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Tony Haynes, longtime social justice advocate, dies

11/22/2017

SASKATOON — Longtime social justice advocate Tony Haynes passed away Nov. 15 in Saskatoon. Born William Anthony Haynes on April 6, 1929 in London, England, Haynes lived through the Depression and the bombardment of London in the Second World War, and was then conscripted into the RAF in 1947 and stationed at Singapore at the start of the Malayan Emergency.

Haynes met his wife, Maureen McGuigan, at a youth club at St. Peter-in-Chains Catholic Church in Hornsey, London, where they were married in 1955.

A graduate of St. Mary’s College, University of London, Haynes taught in that city until 1957, when he and Maureen joined other British teachers who were recruited to address Saskatchewan’s teaching shortage. The couple staffed a two-room school in Ormiston, Sask., before moving to Saskatoon in 1961, where Haynes completed his BEd and began a 28-year career teaching English at Bedford Road and Mount Royal collegiates. In addition to coaching soccer teams and directing school plays, he was president of the Saskatchewan English Teachers’ Association and taught curriculum studies at the College of Education. He completed a master’s degree in geography in 1979.

Haynes’s life was characterized by his passion for the Gospel and his service to the community. He taught in Awassa, Ethiopia with Volunteers in Christian Service (VICS) from 1991 to 1993, and served as the volunteer director of the Office for Justice and Peace in the Roman Catholic Diocese of Saskatoon for 17 years. He advocated on many issues and reached out to many groups, including Development and Peace, Save the Children, KAIROS, the Anti-Poverty Coalition, the Community First Development Fund, and Station 20 West. He regularly participated in ecumenical events, such as the Outdoor Way of the Cross through the downtown streets of Saskatoon each Good Friday, and multi-faith prayers for peace at New Year’s.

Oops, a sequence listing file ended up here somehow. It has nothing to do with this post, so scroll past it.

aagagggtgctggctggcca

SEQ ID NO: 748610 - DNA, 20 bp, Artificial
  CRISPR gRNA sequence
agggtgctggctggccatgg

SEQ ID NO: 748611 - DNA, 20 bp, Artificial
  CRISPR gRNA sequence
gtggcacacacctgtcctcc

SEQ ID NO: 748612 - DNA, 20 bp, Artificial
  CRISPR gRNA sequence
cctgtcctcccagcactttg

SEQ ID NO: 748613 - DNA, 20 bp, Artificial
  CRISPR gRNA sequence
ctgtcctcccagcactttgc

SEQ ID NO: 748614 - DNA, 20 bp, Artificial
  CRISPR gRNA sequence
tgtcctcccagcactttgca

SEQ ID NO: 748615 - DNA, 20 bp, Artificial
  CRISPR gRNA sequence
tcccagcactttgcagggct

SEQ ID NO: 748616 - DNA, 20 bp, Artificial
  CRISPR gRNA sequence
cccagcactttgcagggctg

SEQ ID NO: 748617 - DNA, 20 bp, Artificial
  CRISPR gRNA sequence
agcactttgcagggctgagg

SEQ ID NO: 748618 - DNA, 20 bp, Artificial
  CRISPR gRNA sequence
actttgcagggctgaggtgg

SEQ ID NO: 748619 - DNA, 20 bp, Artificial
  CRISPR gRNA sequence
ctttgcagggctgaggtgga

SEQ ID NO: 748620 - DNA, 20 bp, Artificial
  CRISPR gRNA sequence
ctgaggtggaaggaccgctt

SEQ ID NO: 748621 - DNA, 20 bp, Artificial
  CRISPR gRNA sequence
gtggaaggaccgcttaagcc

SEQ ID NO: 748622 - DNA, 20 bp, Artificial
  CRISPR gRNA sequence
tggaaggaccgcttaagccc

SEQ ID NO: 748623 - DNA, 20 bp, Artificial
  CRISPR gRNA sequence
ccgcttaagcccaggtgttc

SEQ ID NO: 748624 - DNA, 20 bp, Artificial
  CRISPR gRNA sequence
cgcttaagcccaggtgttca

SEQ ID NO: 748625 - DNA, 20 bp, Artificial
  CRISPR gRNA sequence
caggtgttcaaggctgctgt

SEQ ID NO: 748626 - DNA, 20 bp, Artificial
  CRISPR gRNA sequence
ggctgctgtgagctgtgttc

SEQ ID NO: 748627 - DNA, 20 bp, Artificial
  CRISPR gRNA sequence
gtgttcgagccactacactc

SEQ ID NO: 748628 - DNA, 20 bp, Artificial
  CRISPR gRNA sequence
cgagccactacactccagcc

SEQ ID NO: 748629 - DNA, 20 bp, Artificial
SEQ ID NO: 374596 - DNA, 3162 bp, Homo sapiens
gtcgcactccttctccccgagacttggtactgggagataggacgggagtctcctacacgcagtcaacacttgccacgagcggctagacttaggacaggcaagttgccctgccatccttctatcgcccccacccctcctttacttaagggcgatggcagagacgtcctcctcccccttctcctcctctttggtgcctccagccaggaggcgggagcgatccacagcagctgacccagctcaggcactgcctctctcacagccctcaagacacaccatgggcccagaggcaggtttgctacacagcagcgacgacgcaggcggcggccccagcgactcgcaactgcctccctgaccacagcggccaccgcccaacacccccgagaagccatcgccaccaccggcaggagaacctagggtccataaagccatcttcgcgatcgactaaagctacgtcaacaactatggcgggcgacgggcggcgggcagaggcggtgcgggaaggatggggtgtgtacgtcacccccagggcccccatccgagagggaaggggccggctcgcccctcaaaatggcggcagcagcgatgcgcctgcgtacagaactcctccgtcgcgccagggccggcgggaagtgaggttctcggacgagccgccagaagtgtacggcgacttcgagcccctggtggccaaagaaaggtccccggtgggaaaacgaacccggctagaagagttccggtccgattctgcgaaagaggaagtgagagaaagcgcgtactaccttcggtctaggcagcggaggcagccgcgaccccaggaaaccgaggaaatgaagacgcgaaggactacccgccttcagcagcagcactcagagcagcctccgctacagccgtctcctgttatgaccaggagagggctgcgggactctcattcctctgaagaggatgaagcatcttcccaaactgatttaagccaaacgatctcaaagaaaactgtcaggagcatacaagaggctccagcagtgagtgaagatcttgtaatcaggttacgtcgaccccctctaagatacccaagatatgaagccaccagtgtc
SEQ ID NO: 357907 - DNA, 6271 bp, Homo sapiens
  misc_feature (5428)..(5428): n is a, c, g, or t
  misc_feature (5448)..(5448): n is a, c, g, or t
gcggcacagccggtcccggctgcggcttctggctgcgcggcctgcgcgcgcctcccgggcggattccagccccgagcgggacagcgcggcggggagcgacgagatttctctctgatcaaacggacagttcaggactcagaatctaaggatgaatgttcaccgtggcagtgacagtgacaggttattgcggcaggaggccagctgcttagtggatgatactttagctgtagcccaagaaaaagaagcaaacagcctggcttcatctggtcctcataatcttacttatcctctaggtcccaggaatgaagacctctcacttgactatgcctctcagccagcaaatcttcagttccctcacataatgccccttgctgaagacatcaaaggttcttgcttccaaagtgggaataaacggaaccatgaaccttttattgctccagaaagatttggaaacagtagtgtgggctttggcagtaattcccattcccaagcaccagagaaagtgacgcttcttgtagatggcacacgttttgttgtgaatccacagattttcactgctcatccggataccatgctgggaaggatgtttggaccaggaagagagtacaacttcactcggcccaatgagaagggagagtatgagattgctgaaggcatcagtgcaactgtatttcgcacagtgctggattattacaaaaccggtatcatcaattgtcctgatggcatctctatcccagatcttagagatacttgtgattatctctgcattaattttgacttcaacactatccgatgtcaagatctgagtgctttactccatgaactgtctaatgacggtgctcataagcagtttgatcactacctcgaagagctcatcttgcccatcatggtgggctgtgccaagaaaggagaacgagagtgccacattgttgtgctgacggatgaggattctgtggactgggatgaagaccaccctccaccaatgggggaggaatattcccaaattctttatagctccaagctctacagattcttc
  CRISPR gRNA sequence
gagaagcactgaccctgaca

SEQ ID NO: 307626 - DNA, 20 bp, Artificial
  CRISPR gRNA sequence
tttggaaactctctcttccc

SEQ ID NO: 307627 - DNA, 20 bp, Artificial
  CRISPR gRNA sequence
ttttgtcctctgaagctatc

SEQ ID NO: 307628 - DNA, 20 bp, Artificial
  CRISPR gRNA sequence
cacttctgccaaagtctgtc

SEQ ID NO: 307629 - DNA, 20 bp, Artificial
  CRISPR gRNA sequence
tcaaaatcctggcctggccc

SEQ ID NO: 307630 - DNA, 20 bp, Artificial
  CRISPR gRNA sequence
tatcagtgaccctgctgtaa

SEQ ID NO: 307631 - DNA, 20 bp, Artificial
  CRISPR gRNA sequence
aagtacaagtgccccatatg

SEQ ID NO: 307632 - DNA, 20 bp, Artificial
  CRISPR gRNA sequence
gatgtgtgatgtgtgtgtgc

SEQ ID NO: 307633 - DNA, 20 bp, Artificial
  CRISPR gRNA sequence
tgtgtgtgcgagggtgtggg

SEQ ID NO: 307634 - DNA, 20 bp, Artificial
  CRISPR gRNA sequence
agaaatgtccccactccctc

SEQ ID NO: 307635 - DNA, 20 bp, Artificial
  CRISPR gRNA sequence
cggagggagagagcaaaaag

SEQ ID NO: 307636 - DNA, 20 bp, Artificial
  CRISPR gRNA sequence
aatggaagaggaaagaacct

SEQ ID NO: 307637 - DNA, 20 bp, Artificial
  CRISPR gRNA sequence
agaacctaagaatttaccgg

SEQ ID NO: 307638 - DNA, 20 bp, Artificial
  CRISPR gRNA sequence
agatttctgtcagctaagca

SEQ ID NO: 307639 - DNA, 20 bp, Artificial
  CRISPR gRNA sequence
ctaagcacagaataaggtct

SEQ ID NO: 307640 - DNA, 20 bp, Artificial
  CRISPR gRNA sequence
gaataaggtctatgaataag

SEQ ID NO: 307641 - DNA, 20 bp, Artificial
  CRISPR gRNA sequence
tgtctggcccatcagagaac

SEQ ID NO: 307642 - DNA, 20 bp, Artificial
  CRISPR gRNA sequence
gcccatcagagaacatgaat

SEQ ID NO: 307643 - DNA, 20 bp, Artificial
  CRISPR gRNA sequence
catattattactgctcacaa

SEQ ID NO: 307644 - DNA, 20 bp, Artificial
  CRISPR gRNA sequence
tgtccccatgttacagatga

Haynes travelled widely after he retired from teaching, frequently returning to Britain to visit his numerous relatives and friends. He finally retired from his volunteer position with the diocese in 2011, the same year he was named the Prairie Messenger’s Churchperson of the Year.

Haynes published two books after he retired from teaching: Letters from Ethiopia, a series of columns originally printed in the Canadian Catholic Review; and Ethiopian Mystery, a collection of poems largely written and inspired by his work there in the early 1990s.

“Volunteer International Christian Service,” he wrote at the beginning of Ethiopian Mystery, “is a lay organization for Canadian citizens established in 1971 by the Spiritans, the Congregation of the Holy Ghost. VICS sponsors men and women of all ages to share their professional and technical skills to assist people in developing nations.

“My time in Ethiopia was challenging but rewarding in countless ways. I am grateful for the experience, and the support I received from both VICS and the Comboni Missionaries who welcomed me to their mission in Awassa. Perhaps others may be inspired to one day follow in my footsteps and donate their time and skills as a volunteer overseas.”


 

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